Thursday, July 18, 2024

Fighting the Good Fight

Carly Yoost is under the radar.

And changing the world, one day at a time.

This self-described “introvert” and Delray soccer mom runs the nonprofit Child Rescue Coalition (CRC), and was recently named Woman Volunteer of the Year by the Junior League of Boca Raton. (“I totally did not expect to win at all. I was honored and blown away!”)

Her work is a continuation of that of her father, the late Hank Asher, described by many as a genius—and highly colorful—pioneer in data mining software who spent millions of his own fortune fighting child pornography. After his death in 2013, his daughters Carly and Desiree sold his company TLO (the acronym for The Last One, the final of three companies, including Database Technologies and Seisint), to TransUnion.

“The Child Rescue Coalition was built upon more of the philanthropic feel-good department of TLO, just a team of programmers and law enforcement working on this project helping identify child predators and rescue children that were being abused,” Yoost says. “We built that technology, so when we sold it to TransUnion, we said ‘we want to maintain possession of this free technology.’ We licensed it through the nonprofit Child Rescue Coalition, and we were able to start the CRC that year. We just expanded how the world is using this tool and how many officers are using it.”

The technology CRC uses is a highly guarded secret, but Yoost says “it works by identifying people who are online in public peer-to-peer file-sharing networks trading illegal child sexual abuse material. We allow access to law enforcement globally to view those leads and make them actionable to find the person who is trading illegal content. We leave [law enforcement] to make the arrest of the individual and recover any evidence or any children who are being videotaped or abused.”

There are only 11 employees at CRC, but the nondescript office at BRIC has an international reach.

“We have trained investigators in 97 countries,” Yoost says. “We have big partnerships in other countries where they are actively building cases and rescuing children based on our leads…”

And they have managed to keep the technology free through grant funding, corporate partnerships, and individual small and large-level donors.

Yoost and her organization have won impressive awards, but she’s the last one who’d tell you that. Nor is she plugged into the local glittering social circuit, preferring to do her work and spend time with her family. When it comes to what drives her, she says, “For one, I was raised watching my dad have this big passion in life. And knowing you could build technology to solve world problems. This is one of the most important causes there is.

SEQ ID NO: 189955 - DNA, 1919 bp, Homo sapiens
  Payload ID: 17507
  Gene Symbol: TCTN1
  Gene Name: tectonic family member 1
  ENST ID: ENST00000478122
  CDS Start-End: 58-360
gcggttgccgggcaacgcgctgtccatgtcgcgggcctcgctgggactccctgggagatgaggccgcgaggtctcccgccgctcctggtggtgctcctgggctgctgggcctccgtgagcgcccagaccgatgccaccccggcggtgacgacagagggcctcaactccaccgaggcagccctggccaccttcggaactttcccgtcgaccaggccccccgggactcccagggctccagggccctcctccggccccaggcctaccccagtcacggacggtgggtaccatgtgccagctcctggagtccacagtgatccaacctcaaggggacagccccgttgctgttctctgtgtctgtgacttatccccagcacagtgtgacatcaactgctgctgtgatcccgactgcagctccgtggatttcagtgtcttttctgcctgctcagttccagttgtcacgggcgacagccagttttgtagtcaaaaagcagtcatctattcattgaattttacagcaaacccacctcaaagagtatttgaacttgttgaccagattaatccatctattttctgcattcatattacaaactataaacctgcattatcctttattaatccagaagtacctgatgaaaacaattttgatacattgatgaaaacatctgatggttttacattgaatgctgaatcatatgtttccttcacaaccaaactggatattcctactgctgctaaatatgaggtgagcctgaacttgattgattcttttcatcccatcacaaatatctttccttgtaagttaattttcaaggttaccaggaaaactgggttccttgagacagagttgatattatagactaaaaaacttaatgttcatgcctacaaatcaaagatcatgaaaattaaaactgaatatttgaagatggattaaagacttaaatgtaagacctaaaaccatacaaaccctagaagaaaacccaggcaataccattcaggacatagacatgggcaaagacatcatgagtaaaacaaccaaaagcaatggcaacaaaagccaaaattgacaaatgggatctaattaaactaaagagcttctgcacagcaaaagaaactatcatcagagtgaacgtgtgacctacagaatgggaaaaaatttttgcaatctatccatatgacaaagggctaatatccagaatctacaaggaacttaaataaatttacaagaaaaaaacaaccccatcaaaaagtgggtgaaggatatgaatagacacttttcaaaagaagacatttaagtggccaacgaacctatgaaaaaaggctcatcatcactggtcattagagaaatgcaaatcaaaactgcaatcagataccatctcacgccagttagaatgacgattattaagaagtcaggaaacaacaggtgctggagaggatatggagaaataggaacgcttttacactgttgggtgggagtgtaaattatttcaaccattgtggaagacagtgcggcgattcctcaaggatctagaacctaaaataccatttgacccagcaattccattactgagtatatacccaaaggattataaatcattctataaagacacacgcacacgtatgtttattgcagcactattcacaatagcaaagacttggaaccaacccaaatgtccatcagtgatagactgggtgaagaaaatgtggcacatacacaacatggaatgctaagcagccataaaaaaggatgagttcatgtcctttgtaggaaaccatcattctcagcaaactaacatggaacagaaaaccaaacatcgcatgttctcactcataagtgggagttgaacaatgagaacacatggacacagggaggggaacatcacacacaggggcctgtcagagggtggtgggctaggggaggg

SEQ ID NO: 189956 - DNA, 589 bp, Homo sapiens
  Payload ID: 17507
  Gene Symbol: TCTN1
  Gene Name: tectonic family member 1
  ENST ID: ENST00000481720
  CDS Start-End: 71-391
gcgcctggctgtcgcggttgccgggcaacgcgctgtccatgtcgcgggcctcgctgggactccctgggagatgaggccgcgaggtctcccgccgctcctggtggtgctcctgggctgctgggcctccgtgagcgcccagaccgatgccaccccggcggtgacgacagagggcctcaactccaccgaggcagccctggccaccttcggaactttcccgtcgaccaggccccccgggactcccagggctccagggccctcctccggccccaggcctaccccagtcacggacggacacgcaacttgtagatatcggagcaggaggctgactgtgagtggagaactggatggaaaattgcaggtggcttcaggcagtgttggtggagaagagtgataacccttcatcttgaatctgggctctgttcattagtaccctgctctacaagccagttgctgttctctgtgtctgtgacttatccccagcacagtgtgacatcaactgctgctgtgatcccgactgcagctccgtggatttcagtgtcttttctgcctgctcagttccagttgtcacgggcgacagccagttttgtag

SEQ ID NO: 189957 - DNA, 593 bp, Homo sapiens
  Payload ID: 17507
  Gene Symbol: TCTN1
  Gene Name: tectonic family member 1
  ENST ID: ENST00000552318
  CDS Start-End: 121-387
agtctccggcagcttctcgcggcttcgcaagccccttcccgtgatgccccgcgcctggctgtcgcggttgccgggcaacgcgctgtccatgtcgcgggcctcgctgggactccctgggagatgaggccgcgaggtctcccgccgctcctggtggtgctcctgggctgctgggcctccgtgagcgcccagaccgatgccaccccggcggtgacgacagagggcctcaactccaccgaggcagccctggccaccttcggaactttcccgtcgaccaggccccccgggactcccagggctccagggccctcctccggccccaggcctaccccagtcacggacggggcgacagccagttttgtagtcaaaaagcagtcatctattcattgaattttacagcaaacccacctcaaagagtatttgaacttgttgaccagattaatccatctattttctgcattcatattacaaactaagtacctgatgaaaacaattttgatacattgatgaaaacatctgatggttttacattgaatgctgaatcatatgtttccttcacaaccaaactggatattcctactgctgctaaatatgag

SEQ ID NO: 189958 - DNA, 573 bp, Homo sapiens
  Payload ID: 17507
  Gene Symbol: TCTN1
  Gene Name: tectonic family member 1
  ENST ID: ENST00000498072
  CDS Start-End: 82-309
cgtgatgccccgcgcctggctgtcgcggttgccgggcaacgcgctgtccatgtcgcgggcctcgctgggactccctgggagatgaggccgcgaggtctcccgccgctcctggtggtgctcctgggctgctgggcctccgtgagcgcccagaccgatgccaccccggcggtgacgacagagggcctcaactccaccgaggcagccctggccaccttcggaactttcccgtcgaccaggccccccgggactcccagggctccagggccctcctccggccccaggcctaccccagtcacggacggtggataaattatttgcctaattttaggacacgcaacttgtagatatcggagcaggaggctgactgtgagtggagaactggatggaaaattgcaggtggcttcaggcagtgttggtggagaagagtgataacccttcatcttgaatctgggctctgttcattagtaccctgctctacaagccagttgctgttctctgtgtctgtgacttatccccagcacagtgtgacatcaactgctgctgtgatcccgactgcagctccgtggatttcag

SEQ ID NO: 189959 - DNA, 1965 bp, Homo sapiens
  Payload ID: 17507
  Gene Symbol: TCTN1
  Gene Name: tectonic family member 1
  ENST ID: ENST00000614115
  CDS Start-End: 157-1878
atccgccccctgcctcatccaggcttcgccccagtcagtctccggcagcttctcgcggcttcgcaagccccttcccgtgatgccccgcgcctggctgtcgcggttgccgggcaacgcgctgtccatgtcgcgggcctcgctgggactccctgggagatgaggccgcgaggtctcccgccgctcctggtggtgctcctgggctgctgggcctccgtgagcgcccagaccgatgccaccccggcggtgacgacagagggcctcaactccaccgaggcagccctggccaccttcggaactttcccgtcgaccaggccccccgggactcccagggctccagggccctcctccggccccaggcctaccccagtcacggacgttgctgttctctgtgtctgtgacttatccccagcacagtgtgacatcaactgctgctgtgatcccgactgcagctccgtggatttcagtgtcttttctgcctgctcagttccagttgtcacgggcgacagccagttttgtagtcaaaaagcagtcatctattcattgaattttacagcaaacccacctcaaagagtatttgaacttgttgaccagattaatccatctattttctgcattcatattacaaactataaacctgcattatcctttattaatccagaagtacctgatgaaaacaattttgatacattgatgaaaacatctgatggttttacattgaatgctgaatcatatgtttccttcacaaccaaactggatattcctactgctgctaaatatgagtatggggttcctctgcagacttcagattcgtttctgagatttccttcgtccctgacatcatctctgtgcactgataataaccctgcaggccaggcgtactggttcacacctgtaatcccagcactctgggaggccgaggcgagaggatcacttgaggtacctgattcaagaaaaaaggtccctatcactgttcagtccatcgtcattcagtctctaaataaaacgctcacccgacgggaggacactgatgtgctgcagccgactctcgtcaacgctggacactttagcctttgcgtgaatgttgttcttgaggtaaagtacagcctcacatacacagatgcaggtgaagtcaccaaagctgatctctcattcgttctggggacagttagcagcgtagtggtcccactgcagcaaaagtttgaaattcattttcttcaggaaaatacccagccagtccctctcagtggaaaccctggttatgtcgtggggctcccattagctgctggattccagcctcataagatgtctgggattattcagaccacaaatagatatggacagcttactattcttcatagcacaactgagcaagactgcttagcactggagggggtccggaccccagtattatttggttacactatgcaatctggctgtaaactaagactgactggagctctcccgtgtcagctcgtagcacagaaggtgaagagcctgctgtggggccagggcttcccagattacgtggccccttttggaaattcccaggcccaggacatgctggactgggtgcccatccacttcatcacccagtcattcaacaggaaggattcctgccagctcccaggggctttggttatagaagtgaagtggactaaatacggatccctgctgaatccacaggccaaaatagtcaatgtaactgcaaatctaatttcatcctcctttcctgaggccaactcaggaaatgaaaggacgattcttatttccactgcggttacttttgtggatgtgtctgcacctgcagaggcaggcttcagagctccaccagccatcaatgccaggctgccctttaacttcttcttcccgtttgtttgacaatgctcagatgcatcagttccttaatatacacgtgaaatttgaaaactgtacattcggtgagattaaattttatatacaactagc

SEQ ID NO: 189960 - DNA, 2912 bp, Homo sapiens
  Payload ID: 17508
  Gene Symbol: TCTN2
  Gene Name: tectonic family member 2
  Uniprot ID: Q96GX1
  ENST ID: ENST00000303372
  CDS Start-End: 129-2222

“What really motivates me is not only are these files illegal and felony-level, but that 85 percent of the people dealing with this kind of content have already been hands-on abusers of children. I have seen the broken model of our telling survivors to ‘come forward’ and say they are being abused, but we see over and over again that there is not enough evidence to convict people. We need more proactive tools like this [technology] that are identifying predators, hopefully before they go on to abuse hundreds of children.”

About 14,000 child predators have been arrested because of the ever-evolving CRC technology, and Yoost says that helps when working in an organization engaged in fighting one of the darkest enemies extant today.

“That keeps us going. It feels like bringing light to a very dark topic—knowing that in some way you are chipping away at it and creating something that is making an impact. That you are preventing future children from being abused.”

This article is from the February 2023 issue of Boca magazine. For more like this, click here to subscribe to the magazine.

Marie Speed
Marie Speed
Marie Speed is group editor of all JES publications, including Boca Raton, Delray Beach, Worth Avenue, Mizner’s Dream and the annual publication for the Boca Raton Chamber of Commerce. She also oversees editorial operations of the company’s Salt Lake City magazines. Her community involvement has ranged from work with the Boca Raton Chamber of Commerce to a longtime board member position at Caridad Center. She is also on the George Snow Scholarship Fund review committee. She is a past officer of the Florida Magazine Association and a member of Class XVII of Leadership Florida. In her spare time, Marie enjoys South Florida’s natural world through hiking and kayaking, and she is an avid reader and an enthusiastic cook.

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